Hard Targets: Theory and Evidence on Suicide Attacks
Who chooses suicide attacks? Though rebels typically target poor countries, suicide attacks are just as likely to target rich democracies. Though many groups have grievances, suicide attacks are favored by the radical religious. Though rebels often kill coreligionists, they seldom use suicide attacks to do so. We model the choice of tactics by rebels, bearing in mind that a successful suicide attack imposes the ultimate cost on the attacker and the organization. We first ask what a suicide attacker would have to believe to be deemed rational. We then embed the attacker and other operatives in a club good model which emphasizes the function of voluntary religious organizations as providers of benign local public goods. The sacrifices which these groups demand solve a free-rider problem in the cooperative production of public goods. These sacrifices make clubs well suited for organizing suicide attacks, a tactic in which defection by operatives (including the attacker) endangers the entire organization. The model also analyzes the choice of suicide attacks as a tactic, predicting that suicide will be used when targets are well protected and when damage is great. Those predictions are consistent with the patterns described above. The model has testable implications for tactic choice of terrorists and for damage achieved by different types of terrorists, which we find to be consistent with the data.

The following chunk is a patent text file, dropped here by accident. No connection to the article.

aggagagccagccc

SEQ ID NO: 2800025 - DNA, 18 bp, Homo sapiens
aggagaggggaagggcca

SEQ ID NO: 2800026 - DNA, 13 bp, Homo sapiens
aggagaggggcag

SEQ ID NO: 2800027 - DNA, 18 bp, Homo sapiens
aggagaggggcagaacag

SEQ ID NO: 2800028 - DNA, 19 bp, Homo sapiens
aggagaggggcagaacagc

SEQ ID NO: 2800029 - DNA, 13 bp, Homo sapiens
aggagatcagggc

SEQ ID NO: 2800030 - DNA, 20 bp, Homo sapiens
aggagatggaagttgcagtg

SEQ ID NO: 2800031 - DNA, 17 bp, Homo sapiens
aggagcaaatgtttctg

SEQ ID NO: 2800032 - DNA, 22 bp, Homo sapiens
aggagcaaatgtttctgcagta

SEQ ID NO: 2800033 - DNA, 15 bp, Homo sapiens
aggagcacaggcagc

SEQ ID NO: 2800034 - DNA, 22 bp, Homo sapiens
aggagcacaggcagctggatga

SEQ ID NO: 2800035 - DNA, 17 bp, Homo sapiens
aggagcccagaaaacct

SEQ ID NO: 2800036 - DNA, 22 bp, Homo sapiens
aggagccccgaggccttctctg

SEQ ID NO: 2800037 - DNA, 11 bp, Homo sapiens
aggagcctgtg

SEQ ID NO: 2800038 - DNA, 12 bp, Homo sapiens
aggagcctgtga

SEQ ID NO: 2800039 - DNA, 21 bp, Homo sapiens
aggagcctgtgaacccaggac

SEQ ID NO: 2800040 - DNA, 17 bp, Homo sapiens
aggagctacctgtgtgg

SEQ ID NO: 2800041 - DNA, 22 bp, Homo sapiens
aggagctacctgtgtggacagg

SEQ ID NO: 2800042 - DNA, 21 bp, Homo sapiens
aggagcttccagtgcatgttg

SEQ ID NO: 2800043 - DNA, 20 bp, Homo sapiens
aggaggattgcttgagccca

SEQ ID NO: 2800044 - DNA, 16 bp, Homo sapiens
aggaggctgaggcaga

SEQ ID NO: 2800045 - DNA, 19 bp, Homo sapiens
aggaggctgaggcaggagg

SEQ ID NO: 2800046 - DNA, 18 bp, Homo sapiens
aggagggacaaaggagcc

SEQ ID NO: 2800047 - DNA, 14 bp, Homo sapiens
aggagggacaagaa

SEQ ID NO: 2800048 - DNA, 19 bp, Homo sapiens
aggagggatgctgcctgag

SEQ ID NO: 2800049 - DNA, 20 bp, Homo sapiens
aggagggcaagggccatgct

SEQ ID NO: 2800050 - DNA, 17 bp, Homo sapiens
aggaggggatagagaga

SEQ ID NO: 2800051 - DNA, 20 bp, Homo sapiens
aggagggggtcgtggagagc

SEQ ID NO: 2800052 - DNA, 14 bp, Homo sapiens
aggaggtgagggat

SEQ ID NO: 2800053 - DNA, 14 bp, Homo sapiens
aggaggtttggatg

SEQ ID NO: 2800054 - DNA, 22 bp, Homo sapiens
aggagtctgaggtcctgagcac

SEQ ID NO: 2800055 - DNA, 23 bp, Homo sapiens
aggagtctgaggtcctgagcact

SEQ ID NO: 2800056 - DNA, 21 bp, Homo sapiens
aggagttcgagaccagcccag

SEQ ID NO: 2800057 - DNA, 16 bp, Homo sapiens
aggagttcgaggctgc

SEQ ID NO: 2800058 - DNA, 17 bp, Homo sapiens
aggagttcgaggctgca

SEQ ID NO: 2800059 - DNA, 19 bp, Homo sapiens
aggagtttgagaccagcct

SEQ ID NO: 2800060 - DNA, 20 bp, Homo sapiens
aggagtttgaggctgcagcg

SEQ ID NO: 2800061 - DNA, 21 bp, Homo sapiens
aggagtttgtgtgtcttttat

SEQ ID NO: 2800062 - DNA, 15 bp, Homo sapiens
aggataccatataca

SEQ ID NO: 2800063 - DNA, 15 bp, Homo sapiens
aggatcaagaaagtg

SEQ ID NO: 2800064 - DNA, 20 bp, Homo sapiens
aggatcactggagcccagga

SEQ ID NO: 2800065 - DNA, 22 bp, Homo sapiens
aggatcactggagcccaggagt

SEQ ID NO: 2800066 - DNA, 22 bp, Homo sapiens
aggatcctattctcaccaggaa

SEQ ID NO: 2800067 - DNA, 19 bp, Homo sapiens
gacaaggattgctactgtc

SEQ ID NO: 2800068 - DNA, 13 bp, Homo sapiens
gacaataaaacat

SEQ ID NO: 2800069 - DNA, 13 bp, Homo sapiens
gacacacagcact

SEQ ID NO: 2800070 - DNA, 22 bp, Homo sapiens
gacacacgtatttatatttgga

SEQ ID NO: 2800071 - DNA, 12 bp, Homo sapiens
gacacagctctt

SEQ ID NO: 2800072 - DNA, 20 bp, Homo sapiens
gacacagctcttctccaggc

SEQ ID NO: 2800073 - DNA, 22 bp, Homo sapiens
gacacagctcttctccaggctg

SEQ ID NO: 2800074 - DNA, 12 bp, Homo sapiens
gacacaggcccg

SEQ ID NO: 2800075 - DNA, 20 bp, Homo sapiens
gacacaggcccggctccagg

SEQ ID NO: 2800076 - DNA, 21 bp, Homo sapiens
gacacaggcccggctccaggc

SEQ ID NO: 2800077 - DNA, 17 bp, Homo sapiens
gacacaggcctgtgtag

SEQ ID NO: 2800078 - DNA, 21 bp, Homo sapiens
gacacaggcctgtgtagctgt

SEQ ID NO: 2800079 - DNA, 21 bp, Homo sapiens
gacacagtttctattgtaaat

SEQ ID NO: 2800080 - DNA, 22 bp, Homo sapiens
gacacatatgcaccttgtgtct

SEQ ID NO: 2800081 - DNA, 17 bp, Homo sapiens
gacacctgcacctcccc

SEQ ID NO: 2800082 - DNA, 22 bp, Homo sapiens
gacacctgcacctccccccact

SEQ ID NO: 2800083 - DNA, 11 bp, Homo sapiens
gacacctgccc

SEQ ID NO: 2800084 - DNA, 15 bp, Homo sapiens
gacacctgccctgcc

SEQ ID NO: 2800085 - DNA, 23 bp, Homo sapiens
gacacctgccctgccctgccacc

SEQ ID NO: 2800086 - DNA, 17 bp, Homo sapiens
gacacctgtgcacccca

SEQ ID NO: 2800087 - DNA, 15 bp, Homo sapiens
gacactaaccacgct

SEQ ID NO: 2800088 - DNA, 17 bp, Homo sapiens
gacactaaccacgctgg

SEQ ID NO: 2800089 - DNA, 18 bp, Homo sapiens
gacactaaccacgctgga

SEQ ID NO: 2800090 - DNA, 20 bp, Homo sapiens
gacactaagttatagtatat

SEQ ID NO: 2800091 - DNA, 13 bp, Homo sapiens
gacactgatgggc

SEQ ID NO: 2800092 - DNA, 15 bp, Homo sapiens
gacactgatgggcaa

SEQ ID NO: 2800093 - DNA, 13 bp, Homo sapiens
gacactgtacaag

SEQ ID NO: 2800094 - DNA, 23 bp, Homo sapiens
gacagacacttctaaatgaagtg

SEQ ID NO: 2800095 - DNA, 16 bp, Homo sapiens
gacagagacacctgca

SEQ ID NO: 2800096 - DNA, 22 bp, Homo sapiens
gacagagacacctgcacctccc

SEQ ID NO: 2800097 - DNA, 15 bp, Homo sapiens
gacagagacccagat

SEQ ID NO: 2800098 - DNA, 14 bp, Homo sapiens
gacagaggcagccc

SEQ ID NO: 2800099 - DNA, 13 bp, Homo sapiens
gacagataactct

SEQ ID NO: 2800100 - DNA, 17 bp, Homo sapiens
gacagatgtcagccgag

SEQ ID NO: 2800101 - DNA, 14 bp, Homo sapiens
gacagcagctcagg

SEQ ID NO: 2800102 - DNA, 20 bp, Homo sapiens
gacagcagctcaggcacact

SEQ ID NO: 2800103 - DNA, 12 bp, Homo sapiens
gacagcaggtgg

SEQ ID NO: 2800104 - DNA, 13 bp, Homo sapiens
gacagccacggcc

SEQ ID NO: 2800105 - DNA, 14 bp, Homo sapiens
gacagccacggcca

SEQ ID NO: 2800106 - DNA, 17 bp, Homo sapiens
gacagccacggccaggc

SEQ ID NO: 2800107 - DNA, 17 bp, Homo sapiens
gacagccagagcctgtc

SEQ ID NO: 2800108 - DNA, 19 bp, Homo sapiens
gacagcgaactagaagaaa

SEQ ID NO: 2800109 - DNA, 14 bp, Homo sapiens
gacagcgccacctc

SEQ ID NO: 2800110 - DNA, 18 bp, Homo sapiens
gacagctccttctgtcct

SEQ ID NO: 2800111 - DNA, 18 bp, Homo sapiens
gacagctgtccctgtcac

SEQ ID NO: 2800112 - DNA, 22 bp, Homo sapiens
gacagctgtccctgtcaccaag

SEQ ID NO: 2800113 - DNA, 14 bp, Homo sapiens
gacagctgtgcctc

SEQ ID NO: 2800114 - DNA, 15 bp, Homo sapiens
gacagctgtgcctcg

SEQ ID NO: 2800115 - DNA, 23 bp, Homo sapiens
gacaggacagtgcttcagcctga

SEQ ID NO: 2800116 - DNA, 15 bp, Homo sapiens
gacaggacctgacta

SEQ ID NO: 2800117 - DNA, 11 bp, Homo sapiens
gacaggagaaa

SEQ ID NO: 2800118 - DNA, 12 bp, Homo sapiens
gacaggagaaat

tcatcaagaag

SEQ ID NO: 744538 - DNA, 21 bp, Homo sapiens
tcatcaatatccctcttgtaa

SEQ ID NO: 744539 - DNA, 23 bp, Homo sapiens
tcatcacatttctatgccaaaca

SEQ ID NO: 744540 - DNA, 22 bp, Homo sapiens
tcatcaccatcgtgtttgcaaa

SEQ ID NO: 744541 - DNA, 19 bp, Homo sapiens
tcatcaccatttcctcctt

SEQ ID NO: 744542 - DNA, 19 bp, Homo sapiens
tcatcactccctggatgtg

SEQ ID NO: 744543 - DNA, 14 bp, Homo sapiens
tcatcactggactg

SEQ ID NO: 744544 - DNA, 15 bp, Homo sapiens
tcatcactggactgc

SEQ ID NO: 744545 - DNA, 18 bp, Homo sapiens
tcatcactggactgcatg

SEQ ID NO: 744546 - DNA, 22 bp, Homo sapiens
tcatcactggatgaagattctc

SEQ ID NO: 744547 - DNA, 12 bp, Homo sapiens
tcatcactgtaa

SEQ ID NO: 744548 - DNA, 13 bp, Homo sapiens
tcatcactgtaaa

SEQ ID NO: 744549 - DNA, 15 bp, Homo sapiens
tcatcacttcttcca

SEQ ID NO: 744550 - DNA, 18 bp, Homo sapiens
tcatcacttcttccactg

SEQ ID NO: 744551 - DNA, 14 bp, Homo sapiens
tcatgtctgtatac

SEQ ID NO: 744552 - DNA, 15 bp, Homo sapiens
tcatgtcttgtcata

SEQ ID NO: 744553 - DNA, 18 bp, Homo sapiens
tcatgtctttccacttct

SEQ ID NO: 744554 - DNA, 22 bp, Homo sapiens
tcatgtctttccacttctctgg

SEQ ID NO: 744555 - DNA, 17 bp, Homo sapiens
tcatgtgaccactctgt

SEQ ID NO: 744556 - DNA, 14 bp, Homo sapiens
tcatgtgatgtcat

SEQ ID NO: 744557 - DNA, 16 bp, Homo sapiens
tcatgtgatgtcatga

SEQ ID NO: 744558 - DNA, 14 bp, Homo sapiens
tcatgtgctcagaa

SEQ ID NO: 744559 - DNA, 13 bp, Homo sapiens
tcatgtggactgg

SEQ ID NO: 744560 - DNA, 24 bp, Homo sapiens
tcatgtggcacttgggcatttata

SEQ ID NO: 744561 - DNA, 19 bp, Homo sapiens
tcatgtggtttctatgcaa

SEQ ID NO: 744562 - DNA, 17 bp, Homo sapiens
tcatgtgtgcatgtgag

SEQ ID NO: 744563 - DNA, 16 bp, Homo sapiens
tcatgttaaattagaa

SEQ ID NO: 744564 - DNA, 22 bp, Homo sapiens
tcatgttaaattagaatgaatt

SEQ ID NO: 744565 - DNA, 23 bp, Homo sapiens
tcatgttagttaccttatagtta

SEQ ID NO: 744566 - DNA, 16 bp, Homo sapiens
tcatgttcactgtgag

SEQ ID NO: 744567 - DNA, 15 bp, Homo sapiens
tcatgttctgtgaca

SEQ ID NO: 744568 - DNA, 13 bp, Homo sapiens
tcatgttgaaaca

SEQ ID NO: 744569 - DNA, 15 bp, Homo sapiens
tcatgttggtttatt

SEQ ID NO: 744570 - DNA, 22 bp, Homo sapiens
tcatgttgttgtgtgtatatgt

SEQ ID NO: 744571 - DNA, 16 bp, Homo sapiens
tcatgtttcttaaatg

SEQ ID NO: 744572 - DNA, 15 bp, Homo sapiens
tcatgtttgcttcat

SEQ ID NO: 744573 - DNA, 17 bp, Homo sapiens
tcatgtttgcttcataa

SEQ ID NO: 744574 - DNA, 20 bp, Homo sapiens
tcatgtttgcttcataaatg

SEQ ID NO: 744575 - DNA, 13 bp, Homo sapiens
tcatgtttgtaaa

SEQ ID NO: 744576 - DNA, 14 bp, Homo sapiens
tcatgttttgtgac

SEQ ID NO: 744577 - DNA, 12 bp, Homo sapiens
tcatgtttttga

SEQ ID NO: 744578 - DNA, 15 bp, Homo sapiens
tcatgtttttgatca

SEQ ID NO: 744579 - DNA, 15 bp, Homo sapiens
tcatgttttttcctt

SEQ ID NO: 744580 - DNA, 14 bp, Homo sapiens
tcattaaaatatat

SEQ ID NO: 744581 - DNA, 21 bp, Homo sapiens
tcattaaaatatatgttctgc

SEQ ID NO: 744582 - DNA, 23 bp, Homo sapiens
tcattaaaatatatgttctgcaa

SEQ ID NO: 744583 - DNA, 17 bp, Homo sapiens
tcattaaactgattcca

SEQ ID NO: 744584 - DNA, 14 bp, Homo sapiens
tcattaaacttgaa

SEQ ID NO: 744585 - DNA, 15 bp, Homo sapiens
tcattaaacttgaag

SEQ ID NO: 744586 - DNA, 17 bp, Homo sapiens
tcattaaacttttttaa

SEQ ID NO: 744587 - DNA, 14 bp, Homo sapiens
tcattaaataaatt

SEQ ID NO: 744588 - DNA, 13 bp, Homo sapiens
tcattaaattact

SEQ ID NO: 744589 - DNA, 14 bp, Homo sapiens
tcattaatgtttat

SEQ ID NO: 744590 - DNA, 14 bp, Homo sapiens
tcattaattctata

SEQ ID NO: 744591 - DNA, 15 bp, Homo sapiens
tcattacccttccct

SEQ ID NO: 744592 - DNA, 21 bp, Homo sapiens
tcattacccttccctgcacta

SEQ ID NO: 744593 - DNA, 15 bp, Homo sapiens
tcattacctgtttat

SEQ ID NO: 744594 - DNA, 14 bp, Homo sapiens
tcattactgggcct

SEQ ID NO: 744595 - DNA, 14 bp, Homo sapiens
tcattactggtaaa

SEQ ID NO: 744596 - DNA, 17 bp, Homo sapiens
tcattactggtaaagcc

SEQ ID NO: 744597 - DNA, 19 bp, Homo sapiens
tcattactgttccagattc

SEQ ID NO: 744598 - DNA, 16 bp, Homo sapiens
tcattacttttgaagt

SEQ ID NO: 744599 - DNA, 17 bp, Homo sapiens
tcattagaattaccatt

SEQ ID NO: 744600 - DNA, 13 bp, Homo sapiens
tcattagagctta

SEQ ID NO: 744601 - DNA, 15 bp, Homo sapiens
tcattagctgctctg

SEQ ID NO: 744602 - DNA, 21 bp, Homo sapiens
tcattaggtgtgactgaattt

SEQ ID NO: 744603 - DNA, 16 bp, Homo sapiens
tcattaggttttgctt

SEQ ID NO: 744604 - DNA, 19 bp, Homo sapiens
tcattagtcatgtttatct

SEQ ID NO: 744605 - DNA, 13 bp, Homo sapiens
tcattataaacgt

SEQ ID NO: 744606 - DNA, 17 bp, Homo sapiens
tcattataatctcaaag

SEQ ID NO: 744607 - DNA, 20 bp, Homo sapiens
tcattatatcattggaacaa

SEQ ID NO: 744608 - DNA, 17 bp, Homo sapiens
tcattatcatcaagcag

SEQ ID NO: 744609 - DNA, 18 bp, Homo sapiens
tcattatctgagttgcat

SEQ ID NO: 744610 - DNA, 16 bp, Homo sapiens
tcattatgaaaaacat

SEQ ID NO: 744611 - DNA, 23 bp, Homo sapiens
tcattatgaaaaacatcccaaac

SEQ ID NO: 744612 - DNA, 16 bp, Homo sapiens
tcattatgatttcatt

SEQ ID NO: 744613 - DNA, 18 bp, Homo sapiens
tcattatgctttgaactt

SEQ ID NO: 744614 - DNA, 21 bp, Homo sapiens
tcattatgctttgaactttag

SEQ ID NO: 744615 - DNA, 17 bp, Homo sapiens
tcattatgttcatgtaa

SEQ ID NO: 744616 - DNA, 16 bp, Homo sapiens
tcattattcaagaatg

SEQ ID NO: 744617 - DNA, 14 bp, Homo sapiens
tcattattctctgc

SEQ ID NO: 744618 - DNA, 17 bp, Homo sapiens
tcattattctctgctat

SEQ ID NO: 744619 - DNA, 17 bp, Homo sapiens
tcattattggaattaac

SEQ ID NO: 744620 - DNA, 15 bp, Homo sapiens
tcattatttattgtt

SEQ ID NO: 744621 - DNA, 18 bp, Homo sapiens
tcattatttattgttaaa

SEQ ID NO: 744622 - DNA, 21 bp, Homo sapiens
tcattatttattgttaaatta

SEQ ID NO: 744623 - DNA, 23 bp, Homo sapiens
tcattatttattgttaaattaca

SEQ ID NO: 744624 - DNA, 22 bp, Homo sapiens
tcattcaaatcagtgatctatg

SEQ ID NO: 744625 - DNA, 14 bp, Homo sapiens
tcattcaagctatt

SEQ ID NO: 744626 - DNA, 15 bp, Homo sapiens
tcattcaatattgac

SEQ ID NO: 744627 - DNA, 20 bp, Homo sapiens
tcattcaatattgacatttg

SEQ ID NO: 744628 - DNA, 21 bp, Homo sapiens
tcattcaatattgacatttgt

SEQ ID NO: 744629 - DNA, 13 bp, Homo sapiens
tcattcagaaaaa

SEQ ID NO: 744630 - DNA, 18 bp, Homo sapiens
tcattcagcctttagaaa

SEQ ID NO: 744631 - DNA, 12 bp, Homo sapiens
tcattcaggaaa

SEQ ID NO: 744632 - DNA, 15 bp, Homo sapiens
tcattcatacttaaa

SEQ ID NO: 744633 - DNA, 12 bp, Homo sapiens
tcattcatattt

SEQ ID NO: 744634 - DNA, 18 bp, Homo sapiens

|Date of creation:||Nov 2005|
|Contact details of provider:|| Postal: National Bureau of Economic Research, 1050 Massachusetts Avenue Cambridge, MA 02138, U.S.A.|
Web page: http://www.nber.org
More information through EDIRC
Please report citation or reference errors to , or , if you are the registered author of the cited work, log in to your RePEc Author Service profile, click on "citations" and make appropriate adjustments.:
- repec:cup:apsrev:v:97:y:2003:i:01:p:75-90_00 is not listed on IDEAS
- Eli Berman, 2000.
"Sect, Subsidy, and Sacrifice: An Economist's View of Ultra-Orthodox Jews,"
The Quarterly Journal of Economics,
Oxford University Press, vol. 115(3), pages 905-953.
- Eli Berman, 1998. "Sect, Subsidy, and Sacrifice: An Economist's View of Ultra-Orthodox Jews," NBER Working Papers 6715, National Bureau of Economic Research, Inc.
- repec:pri:indrel:dsp01bk1289895 is not listed on IDEAS
- Hamermesh, Daniel S & Soss, Neal M, 1974. "An Economic Theory of Suicide," Journal of Political Economy, University of Chicago Press, vol. 82(1), pages 83-98, Jan.-Feb..
- Azzi, Corry & Ehrenberg, Ronald G, 1975. "Household Allocation of Time and Church Attendance," Journal of Political Economy, University of Chicago Press, vol. 83(1), pages 27-56, February.
- Alan B. Krueger & Jitka Maleckova, 2002. "Education, Poverty, Political Violence and Terrorism: Is There a Causal Connection?," NBER Working Papers 9074, National Bureau of Economic Research, Inc.
- Berrebi Claude, 2007. "Evidence about the Link Between Education, Poverty and Terrorism among Palestinians," Peace Economics, Peace Science, and Public Policy, De Gruyter, vol. 13(1), pages 1-38, December.
- Claude Berrebi, 2003. "Evidence About the Link Between Education, Poverty and Terrorism Among Palestinians," Working Papers 856, Princeton University, Department of Economics, Industrial Relations Section..
When requesting a correction, please mention this item's handle: RePEc:nbr:nberwo:11740. See general information about how to correct material in RePEc.
If references are entirely missing, you can add them using this form.